A cataract is the clouding of the eye’s lens. It is a common problem related to aging. In fact, by the time Americans reach age 75, about half of us will have cataracts to one degree or another. It’s important to schedule an eye exam as soon as you notice signs that you are developing cataracts because this is a progressive condition that won’t improve by itself. If you do have a cataract, you need not be alarmed, however. Because cataracts are so common, surgery to correct this condition has been extensively tested and improved over the years and is now a fast, out-patient procedure. At St. Michael’s Eye & Laser Institute in Largo, Florida, we have performed cataract surgery for thousands of patients in the Tampa Bay area since our founding in 1961. Patients who reported that cataracts were impeding their vision now experience newfound joy in activities like reading, watching TV, or simply admiring a sunset.


Cataract Causes

Most cataracts are caused by normal changes in your eyes as you age. Around age 40, the proteins in the lens of your eye may start to break down and clump together, forming a small cloudy area on your lens—or a cataract. Over time, the cataract may grow and cloud more of your lens, making it harder to see. The lens can also take on a yellowish color, which may impair your ability to perceive colors accurately. It’s not yet known why the lens changes with age, but there are risk factors associated with cataract development, including:

  • Ultraviolet radiation
  • Diabetes
  • Hypertension
  • Smoking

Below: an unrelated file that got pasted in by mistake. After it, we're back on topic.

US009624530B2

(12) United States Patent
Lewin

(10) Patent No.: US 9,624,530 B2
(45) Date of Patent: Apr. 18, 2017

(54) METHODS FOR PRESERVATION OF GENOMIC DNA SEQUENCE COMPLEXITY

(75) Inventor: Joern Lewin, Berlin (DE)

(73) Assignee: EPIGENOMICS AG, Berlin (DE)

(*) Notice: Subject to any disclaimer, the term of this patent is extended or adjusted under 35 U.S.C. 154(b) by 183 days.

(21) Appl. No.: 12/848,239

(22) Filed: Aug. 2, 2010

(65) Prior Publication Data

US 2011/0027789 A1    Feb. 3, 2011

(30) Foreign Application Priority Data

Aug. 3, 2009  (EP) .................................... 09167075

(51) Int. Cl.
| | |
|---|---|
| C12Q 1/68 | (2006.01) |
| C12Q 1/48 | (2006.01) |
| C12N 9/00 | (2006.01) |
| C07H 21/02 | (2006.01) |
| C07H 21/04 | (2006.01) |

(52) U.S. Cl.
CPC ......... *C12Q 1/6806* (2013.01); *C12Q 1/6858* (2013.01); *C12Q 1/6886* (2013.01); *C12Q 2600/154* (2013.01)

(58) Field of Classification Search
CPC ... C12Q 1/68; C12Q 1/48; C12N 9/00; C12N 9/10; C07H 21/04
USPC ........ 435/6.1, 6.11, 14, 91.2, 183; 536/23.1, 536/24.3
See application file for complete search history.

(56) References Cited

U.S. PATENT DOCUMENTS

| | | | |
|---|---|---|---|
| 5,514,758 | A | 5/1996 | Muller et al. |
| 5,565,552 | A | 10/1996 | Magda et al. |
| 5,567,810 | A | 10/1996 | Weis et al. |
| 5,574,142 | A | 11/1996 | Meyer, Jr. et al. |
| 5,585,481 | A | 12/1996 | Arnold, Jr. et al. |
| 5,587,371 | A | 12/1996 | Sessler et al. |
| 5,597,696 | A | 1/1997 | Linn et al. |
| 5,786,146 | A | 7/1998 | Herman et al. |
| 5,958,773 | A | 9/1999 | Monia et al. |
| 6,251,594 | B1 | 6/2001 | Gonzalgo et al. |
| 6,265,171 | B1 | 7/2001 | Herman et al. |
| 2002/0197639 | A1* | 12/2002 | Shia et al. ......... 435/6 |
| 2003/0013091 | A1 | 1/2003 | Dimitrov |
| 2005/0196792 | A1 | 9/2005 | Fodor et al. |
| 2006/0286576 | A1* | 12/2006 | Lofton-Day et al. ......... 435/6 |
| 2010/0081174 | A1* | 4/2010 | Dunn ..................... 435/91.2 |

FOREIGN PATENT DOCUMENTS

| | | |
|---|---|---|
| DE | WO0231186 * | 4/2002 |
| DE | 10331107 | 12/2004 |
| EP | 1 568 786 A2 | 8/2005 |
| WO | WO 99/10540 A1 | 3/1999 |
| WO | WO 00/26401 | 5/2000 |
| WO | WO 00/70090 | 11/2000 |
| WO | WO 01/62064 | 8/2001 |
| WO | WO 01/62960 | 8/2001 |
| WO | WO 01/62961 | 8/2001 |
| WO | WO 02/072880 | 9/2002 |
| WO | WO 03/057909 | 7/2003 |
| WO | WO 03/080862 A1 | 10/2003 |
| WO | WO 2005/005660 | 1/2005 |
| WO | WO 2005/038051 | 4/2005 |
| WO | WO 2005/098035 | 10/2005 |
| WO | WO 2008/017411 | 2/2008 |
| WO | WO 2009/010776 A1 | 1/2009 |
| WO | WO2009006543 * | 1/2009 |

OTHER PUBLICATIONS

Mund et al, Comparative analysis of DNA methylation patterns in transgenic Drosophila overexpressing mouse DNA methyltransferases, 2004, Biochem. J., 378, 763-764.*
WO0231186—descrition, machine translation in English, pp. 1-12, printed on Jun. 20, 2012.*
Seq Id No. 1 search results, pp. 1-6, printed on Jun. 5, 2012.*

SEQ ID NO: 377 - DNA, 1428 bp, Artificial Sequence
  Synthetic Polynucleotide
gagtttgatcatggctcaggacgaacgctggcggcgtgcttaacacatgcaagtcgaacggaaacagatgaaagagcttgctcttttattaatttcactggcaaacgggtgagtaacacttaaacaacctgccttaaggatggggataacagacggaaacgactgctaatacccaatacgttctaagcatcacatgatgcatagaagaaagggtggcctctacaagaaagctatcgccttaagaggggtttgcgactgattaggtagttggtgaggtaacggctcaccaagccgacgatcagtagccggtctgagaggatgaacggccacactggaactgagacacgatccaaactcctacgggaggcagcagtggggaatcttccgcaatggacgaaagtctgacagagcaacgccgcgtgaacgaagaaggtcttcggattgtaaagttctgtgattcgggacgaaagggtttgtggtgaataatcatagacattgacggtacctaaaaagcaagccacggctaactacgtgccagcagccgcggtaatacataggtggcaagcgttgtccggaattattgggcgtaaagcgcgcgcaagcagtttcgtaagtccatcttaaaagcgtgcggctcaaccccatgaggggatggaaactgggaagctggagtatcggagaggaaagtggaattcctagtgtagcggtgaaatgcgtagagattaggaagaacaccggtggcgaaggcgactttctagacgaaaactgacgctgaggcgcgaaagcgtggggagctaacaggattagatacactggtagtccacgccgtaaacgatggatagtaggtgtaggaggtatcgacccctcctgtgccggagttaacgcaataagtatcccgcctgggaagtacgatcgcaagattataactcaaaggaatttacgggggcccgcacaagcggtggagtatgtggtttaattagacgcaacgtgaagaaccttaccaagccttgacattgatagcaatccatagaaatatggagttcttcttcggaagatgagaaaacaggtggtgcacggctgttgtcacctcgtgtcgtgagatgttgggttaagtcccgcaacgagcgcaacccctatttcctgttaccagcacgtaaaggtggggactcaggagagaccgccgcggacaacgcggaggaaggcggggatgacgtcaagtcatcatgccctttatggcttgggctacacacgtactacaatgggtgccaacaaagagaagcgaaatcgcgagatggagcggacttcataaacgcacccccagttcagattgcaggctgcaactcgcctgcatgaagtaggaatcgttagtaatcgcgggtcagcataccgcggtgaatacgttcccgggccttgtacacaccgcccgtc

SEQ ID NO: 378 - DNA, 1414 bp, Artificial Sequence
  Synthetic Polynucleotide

• Obesity
  • Taking statin medicines to reduce cholesterol
  • Previous eye injury or inflammation

Symptoms of Cataracts

At first, a cataract may have little effect on your vision, but as the cataract grows, you may notice changes such as:

  • Haloes or starbursts around lights at night
  • Dimming daytime vision
  • Worsening nighttime vision
  • Blurry vision
  • Double vision in one eye
  • Frequent changes in eyeglass prescription
  • Increased sensitivity to light
  • A need for brighter light when reading or working

Although cataracts usually occur later in life, there are other types of cataracts that can show up earlier. If you notice the above symptoms at any age, you should schedule an eye exam so that your eye doctor can monitor the progression of your cataract and recommend corrective surgery at the right time.

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How Cataract Surgery Is Performed

A cataract operation is a simple, relatively painless procedure that takes an hour or less to perform. Surgery is done on one eye at a time. First, the clouded lens in your eye must be removed. Your surgeon will do this by making a tiny incision in your cornea and inserting a special tool that uses ultrasonic energy to break up the clouded lens. Your surgeon will then remove the pieces through the incision. After that, the surgeon will implant a clear, artificial lens by rolling it up and inserting it through the incision. The lens will unroll once it is in place.

Cataract Surgery Recovery

You will need to protect your eye according to your doctor’s instructions for up to a week, and use prescription eye drops to prevent infection. You will probably notice that your vision is clearer immediately. (In fact, some lenses used for cataract correction can correct your vision, too.) It takes about a month for your eye to heal completely after a cataract operation.

Cataract Treatment at St. Michael’s Eye & Laser Institute

St. Michael’s Eye & Laser Institute performs cataract surgery on patients of any age. If you’re concerned that you may have a cataract, please don’t hesitate to contact us. As a family-owned surgery center serving Largo and other Tampa Bay communities for three generations, we’re staffed with skilled physicians committed to offering the highest standard of patient care with a personal touch.